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A group standing outside of the UNC Project Annex building

Students visited UNC Project-Malawi, a research, care and training program established by Carolina and the Malawi Ministry of Health in 1999. (courtesy of Eunice Sahle)

Department of African, African American and diaspora studies celebrates its first endowment

Nicci Gafinowitz ’16 grew up in South Africa and traveled, studied and worked widely in the region. She and her family settled in Chapel Hill nearly 20 years ago. While studying for her master’s degree in information science at UNC’s School of Information and Library Science, she met Eunice Sahle, associate professor and chair of the department of African, African American and diaspora studies (AAAD). Gafinowitz came to deeply admire her depth of experience and understanding of African life, particularly from a human rights perspective, and her ability to meaningfully translate that to international audiences.

In 2017, Sahle began planning a study abroad opportunity for undergraduates in Malawi. Gafinowitz became a strong supporter of that initiative and of a research project on socio-structural determinants of burn injuries in Malawi. Her advocacy attracted financial support that made the 2018 summer program in Malawi possible at a very low cost to students. Overall, the Gafinowitz family’s private gifts have contributed to AAAD’s mission in indelible ways.

Now they have made a lasting pledge to the department in honor of Sahle’s excellence in teaching, research, leadership and mentorship — she ended her second term as chair on June 30 — through the Dr. Eunice N. Sahle Excellence Fund in African, African American and Diaspora Studies.

“Professor Sahle has been a remarkably dedicated and effective chair, helping to build her faculty’s careers, widening opportunities for undergraduates and raising the profile of the department,” said Rudi Colloredo-Mansfeld, senior associate dean for social sciences and global programs. “In honoring her this way, the endowment elevates a decade of effort she has done in service of a profoundly important intellectual endeavor and vibrant department.”

Sahle likened the support of this new endowment to an insurance policy that can always be counted upon.

“This is every chair’s dream,” she said. “It’s really an important gift that will make a difference in very substantive ways to the department. For this to happen in a very difficult moment in the world in terms of fundraising and other challenges that the coronavirus pandemic has generated — I’m really touched by the generosity of the Gafinowitz family.”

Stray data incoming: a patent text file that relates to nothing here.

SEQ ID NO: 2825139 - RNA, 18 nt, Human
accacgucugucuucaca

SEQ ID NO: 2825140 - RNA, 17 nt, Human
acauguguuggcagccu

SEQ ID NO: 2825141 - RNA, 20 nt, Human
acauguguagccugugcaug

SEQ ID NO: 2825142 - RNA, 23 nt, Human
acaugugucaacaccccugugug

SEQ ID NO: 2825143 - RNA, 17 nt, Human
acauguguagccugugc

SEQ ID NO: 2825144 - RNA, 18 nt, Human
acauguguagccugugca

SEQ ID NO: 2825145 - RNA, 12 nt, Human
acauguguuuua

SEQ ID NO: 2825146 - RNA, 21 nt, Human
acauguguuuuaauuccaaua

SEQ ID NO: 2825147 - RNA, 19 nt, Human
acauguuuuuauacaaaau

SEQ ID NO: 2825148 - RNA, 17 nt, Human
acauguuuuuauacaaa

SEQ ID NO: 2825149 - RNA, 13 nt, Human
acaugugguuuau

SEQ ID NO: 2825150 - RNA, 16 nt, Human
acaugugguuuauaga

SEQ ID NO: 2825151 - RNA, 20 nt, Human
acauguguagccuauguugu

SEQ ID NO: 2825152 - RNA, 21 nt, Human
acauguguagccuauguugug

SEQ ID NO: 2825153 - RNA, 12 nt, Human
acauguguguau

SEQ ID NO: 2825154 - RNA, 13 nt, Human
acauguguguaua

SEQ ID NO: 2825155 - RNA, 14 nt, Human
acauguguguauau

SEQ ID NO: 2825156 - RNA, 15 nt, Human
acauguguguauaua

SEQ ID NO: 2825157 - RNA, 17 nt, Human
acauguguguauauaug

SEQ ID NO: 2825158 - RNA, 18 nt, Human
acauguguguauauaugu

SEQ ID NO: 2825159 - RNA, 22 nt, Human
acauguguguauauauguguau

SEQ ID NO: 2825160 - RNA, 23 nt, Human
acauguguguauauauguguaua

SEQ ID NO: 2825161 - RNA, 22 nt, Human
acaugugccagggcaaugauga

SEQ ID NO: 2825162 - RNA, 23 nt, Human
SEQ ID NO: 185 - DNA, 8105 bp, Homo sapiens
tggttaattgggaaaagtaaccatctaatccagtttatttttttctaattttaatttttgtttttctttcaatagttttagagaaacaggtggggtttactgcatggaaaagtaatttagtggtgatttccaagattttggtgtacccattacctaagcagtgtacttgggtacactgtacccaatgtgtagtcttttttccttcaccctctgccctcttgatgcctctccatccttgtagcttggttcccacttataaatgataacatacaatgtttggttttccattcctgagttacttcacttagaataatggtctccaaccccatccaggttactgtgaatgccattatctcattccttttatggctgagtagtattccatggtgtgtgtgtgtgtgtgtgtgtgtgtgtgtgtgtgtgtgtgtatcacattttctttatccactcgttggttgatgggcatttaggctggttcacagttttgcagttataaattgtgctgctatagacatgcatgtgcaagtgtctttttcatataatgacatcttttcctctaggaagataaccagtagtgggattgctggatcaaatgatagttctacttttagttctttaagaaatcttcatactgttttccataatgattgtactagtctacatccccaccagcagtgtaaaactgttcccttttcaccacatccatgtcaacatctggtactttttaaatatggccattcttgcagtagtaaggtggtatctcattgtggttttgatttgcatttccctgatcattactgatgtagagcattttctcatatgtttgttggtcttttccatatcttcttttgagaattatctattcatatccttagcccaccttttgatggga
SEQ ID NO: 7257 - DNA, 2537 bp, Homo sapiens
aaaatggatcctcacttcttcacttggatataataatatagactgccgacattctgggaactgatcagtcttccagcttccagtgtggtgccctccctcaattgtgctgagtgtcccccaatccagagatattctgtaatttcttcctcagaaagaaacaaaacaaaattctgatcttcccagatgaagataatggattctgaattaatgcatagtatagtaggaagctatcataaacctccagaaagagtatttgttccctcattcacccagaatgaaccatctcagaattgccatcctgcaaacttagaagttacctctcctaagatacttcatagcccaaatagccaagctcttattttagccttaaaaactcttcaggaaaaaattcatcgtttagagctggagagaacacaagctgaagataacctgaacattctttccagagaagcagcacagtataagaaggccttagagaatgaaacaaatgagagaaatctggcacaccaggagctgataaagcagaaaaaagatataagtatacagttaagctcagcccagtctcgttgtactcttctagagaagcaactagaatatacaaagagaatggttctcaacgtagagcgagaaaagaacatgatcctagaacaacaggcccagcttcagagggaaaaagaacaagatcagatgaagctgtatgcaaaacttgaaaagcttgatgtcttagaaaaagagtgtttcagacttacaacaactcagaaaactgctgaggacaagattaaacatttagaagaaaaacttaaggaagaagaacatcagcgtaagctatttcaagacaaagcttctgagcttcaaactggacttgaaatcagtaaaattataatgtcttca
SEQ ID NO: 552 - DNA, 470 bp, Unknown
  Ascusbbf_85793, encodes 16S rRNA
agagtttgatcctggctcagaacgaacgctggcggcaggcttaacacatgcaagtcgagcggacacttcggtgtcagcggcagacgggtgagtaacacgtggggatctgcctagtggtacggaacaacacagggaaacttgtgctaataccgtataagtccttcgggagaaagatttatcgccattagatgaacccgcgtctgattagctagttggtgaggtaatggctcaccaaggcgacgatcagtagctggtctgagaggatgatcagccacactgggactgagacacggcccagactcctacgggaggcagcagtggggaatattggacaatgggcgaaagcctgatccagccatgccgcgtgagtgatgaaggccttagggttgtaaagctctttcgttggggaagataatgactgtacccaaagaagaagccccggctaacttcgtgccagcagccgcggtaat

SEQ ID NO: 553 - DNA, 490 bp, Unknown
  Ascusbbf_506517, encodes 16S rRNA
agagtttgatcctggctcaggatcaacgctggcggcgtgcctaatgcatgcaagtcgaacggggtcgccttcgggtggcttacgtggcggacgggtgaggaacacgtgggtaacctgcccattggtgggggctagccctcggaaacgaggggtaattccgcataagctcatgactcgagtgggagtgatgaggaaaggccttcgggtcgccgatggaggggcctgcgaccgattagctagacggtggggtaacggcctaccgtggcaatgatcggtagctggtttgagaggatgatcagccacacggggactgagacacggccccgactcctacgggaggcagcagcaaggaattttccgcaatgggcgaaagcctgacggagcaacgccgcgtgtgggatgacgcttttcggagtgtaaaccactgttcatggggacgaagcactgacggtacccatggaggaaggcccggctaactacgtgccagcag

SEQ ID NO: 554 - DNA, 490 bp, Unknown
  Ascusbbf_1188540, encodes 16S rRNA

The endowment has the potential to propel a variety of departmental efforts that have flourished in recent years, many of which Sahle said the Gafinowitz family has helped support: AAAD’s annual Global Africana Conference brings scholars from around the world to UNC; its journal, Global Africana Review, focuses on undergraduate research; and since 2018, the department has run its popular summer abroad program in Malawi. The fund could also support important faculty and student research activities, for example, a study by Sahle, Marie Garlock Ph.D. ’19 and Michael Kaiyatsa, a Malawian researcher and human rights leader, examining socio-structural determinants of burn injuries.

AAAD leaders are poised to expand the department in the near future. The department’s new minor — human development, sustainability and rights in Africa and the African diaspora — debuts this year. Plans are also in the works to create an AAAD graduate program. The endowment will ensure the department has resources to sustain creative scholarly opportunities for students and faculty alike.

Gafinowitz added, “I hope that the Arts and Sciences Foundation draws even greater support for the work of the AAAD department as it continues strengthening UNC’s excellent ties to the African continent and its diaspora.”

By Samantha Weber